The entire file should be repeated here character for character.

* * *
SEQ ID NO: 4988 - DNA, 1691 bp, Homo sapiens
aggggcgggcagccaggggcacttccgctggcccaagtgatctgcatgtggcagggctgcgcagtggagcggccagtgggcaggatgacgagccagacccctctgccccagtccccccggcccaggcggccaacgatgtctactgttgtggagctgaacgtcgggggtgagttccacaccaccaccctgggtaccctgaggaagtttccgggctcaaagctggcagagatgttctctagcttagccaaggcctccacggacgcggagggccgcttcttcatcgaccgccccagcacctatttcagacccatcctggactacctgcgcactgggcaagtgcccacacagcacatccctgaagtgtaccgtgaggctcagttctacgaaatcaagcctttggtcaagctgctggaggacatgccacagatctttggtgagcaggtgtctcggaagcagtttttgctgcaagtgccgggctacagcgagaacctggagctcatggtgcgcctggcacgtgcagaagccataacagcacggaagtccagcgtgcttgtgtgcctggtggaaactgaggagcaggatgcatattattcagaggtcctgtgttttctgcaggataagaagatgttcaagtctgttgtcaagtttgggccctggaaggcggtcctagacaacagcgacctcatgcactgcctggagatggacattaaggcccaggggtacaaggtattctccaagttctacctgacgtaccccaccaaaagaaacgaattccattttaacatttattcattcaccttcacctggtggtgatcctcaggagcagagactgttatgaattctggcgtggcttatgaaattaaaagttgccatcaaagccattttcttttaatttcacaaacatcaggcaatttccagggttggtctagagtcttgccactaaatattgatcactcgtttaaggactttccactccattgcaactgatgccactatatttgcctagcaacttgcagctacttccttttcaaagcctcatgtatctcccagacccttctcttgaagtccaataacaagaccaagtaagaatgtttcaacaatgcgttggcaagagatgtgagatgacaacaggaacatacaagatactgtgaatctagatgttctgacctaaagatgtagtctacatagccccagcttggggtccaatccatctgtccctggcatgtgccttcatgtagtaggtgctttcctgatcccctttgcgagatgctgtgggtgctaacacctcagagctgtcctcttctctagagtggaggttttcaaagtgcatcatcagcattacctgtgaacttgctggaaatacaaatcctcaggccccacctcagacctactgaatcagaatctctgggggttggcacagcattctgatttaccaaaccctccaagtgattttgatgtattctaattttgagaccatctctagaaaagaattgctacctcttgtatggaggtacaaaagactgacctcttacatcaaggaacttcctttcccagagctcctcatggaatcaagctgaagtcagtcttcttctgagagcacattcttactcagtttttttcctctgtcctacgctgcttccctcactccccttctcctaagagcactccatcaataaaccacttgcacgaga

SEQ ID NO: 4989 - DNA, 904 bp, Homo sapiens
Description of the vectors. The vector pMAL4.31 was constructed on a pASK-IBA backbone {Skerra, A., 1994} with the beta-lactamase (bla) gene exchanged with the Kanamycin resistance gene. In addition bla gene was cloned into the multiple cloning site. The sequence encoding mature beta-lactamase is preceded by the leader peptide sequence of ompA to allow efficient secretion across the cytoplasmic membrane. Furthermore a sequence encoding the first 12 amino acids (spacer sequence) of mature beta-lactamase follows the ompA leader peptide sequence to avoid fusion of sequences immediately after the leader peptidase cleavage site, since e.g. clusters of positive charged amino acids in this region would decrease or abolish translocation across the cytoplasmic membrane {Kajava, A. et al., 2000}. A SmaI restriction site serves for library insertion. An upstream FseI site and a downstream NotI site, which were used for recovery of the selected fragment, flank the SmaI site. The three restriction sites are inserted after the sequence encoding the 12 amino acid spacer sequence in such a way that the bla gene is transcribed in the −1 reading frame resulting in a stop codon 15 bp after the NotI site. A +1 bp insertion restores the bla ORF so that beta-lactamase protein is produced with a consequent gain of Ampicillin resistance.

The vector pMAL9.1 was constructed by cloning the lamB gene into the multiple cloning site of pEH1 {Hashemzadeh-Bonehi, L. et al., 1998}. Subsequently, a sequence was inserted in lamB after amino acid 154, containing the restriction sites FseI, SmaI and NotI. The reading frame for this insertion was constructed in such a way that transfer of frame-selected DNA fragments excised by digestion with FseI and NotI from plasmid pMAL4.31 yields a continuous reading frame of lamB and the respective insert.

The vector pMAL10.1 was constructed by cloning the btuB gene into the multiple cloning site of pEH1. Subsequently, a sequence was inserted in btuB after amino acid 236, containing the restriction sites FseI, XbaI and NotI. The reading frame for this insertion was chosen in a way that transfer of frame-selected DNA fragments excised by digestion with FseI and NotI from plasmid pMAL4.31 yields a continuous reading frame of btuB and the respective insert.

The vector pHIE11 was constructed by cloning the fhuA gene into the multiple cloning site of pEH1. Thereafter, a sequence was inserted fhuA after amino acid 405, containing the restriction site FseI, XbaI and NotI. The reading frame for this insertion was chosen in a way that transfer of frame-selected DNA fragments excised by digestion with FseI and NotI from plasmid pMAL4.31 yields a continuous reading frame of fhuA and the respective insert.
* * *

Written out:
SEQ ID NO: 4988 - DNA, 1691 bp, Homo sapiens
aggggcgggcagccaggggcacttccgctggcccaagtgatctgcatgtggcagggctgcgcagtggagcggccagtgggcaggatgacgagccagacccctctgccccagtccccccggcccaggcggccaacgatgtctactgttgtggagctgaacgtcgggggtgagttccacaccaccaccctgggtaccctgaggaagtttccgggctcaaagctggcagagatgttctctagcttagccaaggcctccacggacgcggagggccgcttcttcatcgaccgccccagcacctatttcagacccatcctggactacctgcgcactgggcaagtgcccacacagcacatccctgaagtgtaccgtgaggctcagttctacgaaatcaagcctttggtcaagctgctggaggacatgccacagatctttggtgagcaggtgtctcggaagcagtttttgctgcaagtgccgggctacagcgagaacctggagctcatggtgcgcctggcacgtgcagaagccataacagcacggaagtccagcgtgcttgtgtgcctggtggaaactgaggagcaggatgcatattattcagaggtcctgtgttttctgcaggataagaagatgttcaagtctgttgtcaagtttgggccctggaaggcggtcctagacaacagcgacctcatgcactgcctggagatggacattaaggcccaggggtacaaggtattctccaagttctacctgacgtaccccaccaaaagaaacgaattccattttaacatttattcattcaccttcacctggtggtgatcctcaggagcagagactgttatgaattctggcgtggcttatgaaattaaaagttgccatcaaagccattttcttttaatttcacaaacatcaggcaatttccagggttggtctagagtcttgccactaaatattgatcactcgtttaaggactttccactccattgcaactgatgccactatatttgcctagcaacttgcagctacttccttttcaaagcctcatgtatctcccagacccttctcttgaagtccaataacaagaccaagtaagaatgtttcaacaatgcgttggcaagagatgtgagatgacaacaggaacatacaagatactgtgaatctagatgttctgacctaaagatgtagtctacatagccccagcttggggtccaatccatctgtccctggcatgtgccttcatgtagtaggtgctttcctgatcccctttgcgagatgctgtgggtgctaacacctcagagctgtcctcttctctagagtggaggttttcaaagtgcatcatcagcattacctgtgaacttgctggaaatacaaatcctcaggccccacctcagacctactgaatcagaatctctgggggttggcacagcattctgatttaccaaaccctccaagtgattttgatgtattctaattttgagaccatctctagaaaagaattgctacctcttgtatggaggtacaaaagactgacctcttacatcaaggaacttcctttcccagagctcctcatggaatcaagctgaagtcagtcttcttctgagagcacattcttactcagtttttttcctctgtcctacgctgcttccctcactccccttctcctaagagcactccatcaataaaccacttgcacgaga

SEQ ID NO: 4989 - DNA, 904 bp, Homo sapiens
Description of the vectors. The vector pMAL4.31 was constructed on a pASK-IBA backbone {Skerra, A., 1994} with the beta-lactamase (bla) gene exchanged with the Kanamycin resistance gene. In addition bla gene was cloned into the multiple cloning site. The sequence encoding mature beta-lactamase is preceded by the leader peptide sequence of ompA to allow efficient secretion across the cytoplasmic membrane. Furthermore a sequence encoding the first 12 amino acids (spacer sequence) of mature beta-lactamase follows the ompA leader peptide sequence to avoid fusion of sequences immediately after the leader peptidase cleavage site, since e.g. clusters of positive charged amino acids in this region would decrease or abolish translocation across the cytoplasmic membrane {Kajava, A. et al., 2000}. A SmaI restriction site serves for library insertion. An upstream FseI site and a downstream NotI site, which were used for recovery of the selected fragment, flank the SmaI site. The three restriction sites are inserted after the sequence encoding the 12 amino acid spacer sequence in such a way that the bla gene is transcribed in the −1 reading frame resulting in a stop codon 15 bp after the NotI site. A +1 bp insertion restores the bla ORF so that beta-lactamase protein is produced with a consequent gain of Ampicillin resistance.

The vector pMAL9.1 was constructed by cloning the lamB gene into the multiple cloning site of pEH1 {Hashemzadeh-Bonehi, L. et al., 1998}. Subsequently, a sequence was inserted in lamB after amino acid 154, containing the restriction sites FseI, SmaI and NotI. The reading frame for this insertion was constructed in such a way that transfer of frame-selected DNA fragments excised by digestion with FseI and NotI from plasmid pMAL4.31 yields a continuous reading frame of lamB and the respective insert.

The vector pMAL10.1 was constructed by cloning the btuB gene into the multiple cloning site of pEH1. Subsequently, a sequence was inserted in btuB after amino acid 236, containing the restriction sites FseI, XbaI and NotI. The reading frame for this insertion was chosen in a way that transfer of frame-selected DNA fragments excised by digestion with FseI and NotI from plasmid pMAL4.31 yields a continuous reading frame of btuB and the respective insert.

The vector pHIE11 was constructed by cloning the fhuA gene into the multiple cloning site of pEH1. Thereafter, a sequence was inserted fhuA after amino acid 405, containing the restriction site FseI, XbaI and NotI. The reading frame for this insertion was chosen in a way that transfer of frame-selected DNA fragments excised by digestion with FseI and NotI from plasmid pMAL4.31 yields a continuous reading frame of fhuA and the respective insert.